Dandy-Walker malformation, first described by Dr. Walter Dandy and Dr. Arthur Walker, is a congenital brain defect where there’s a cystic malformation in the cerebellum that blocks cerebrospinal fluid from exiting the brain.
This results in increased intracranial pressure and can affect the cerebellum’s ability to control motor skills like walking.
The cerebellum, or "little brain", sits just below the main part of the brain and it’s divided at the midline into two hemispheres by a short worm-like structure called the vermis.
The cerebellum is contained within the back of the skull, in an area known as the posterior fossa, and it sits above the foramen magnum, an opening at the base of the skull through which the spinal cord enters.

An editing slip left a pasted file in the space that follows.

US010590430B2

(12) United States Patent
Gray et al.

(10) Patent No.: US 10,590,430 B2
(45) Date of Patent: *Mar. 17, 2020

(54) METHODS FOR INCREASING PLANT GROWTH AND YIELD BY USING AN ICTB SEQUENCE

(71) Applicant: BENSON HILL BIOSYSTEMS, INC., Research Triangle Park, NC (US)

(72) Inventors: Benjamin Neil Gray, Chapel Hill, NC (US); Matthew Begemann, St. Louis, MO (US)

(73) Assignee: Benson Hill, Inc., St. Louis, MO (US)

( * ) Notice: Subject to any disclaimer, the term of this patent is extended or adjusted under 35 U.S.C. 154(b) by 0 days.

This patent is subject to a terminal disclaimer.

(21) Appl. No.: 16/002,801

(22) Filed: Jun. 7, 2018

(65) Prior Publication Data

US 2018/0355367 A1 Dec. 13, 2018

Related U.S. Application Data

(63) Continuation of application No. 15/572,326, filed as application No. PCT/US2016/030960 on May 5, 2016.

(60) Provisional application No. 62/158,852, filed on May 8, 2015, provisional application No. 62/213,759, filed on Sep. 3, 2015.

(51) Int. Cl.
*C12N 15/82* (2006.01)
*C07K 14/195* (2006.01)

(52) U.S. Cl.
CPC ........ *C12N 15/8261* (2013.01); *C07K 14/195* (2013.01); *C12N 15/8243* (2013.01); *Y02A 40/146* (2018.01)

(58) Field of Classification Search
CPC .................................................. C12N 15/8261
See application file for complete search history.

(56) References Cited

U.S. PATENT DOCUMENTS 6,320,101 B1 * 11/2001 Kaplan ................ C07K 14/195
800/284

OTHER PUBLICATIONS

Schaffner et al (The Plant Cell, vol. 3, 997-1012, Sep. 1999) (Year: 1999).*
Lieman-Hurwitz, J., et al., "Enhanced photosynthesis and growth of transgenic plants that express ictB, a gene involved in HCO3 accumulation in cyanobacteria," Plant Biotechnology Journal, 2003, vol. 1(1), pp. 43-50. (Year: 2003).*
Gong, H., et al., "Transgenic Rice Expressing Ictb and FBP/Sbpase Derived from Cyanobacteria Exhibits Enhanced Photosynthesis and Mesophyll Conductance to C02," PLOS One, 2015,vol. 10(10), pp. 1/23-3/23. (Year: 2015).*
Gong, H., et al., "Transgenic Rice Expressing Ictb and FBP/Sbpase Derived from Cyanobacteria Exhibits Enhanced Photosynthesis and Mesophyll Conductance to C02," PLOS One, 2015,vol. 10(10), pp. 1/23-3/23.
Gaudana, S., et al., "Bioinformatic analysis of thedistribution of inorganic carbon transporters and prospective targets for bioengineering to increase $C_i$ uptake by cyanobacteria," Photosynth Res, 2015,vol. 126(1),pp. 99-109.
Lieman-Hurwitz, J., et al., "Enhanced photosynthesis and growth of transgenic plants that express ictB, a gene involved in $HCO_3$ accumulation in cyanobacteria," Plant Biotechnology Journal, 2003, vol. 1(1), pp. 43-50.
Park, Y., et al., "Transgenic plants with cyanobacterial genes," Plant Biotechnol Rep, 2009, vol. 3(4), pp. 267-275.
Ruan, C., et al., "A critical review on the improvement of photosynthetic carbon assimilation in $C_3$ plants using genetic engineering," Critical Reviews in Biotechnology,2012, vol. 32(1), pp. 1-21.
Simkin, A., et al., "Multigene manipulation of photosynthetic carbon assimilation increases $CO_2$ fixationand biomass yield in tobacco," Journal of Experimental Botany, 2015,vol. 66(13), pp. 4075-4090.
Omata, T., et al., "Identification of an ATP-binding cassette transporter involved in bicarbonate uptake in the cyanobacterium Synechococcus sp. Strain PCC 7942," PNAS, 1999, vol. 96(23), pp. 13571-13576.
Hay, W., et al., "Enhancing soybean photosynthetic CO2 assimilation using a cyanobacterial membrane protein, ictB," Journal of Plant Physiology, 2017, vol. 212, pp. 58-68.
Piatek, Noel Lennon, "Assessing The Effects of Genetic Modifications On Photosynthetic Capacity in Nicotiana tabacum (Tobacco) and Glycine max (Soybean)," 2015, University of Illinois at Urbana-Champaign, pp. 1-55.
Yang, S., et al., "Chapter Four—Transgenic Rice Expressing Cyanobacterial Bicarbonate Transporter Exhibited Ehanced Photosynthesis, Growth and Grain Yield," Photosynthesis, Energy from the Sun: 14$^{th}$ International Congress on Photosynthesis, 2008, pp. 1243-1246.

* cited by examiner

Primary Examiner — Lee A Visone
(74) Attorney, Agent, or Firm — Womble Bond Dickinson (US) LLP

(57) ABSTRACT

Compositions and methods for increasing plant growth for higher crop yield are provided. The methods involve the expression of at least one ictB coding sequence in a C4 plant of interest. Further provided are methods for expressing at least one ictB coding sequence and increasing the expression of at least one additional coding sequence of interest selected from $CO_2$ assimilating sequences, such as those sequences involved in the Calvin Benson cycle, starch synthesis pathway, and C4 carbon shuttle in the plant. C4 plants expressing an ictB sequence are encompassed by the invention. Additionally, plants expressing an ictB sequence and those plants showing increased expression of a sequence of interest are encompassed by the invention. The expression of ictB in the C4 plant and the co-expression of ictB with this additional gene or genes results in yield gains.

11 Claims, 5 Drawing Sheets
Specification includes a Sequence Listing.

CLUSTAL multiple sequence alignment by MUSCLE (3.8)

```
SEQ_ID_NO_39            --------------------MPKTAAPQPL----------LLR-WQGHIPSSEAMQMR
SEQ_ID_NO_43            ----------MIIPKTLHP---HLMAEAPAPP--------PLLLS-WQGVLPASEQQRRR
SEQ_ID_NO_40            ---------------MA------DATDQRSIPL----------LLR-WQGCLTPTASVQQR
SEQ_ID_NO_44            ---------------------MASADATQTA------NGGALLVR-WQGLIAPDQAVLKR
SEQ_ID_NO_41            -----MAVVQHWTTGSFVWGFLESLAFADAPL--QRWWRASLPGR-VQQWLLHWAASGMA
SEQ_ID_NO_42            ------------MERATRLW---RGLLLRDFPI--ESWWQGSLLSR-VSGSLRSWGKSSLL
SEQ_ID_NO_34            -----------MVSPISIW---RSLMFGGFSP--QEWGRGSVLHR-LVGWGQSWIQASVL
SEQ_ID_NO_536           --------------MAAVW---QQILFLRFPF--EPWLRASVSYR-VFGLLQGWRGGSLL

The cerebellum controls balance and posture, and helps to initiate as well as fine-tune voluntary motor activity - think about the fancy finger work of a piano player or the vocal cords of a singer - that’s the cerebellum in action.
Now, within the brain there are also four interconnected cavities called ventricles, each of which create and help circulate cerebrospinal fluid.
Highest up, are two C-shaped lateral ventricles that lie deep in each cerebral hemisphere.
The two lateral ventricles drain their cerebrospinal fluid into the third ventricle, which is a narrow, funnel-shaped, cavity at the center of the brain.
The third ventricle makes a bit more cerebrospinal fluid and then sends all of the cerebrospinal fluid to the fourth ventricle via the cerebral aqueduct.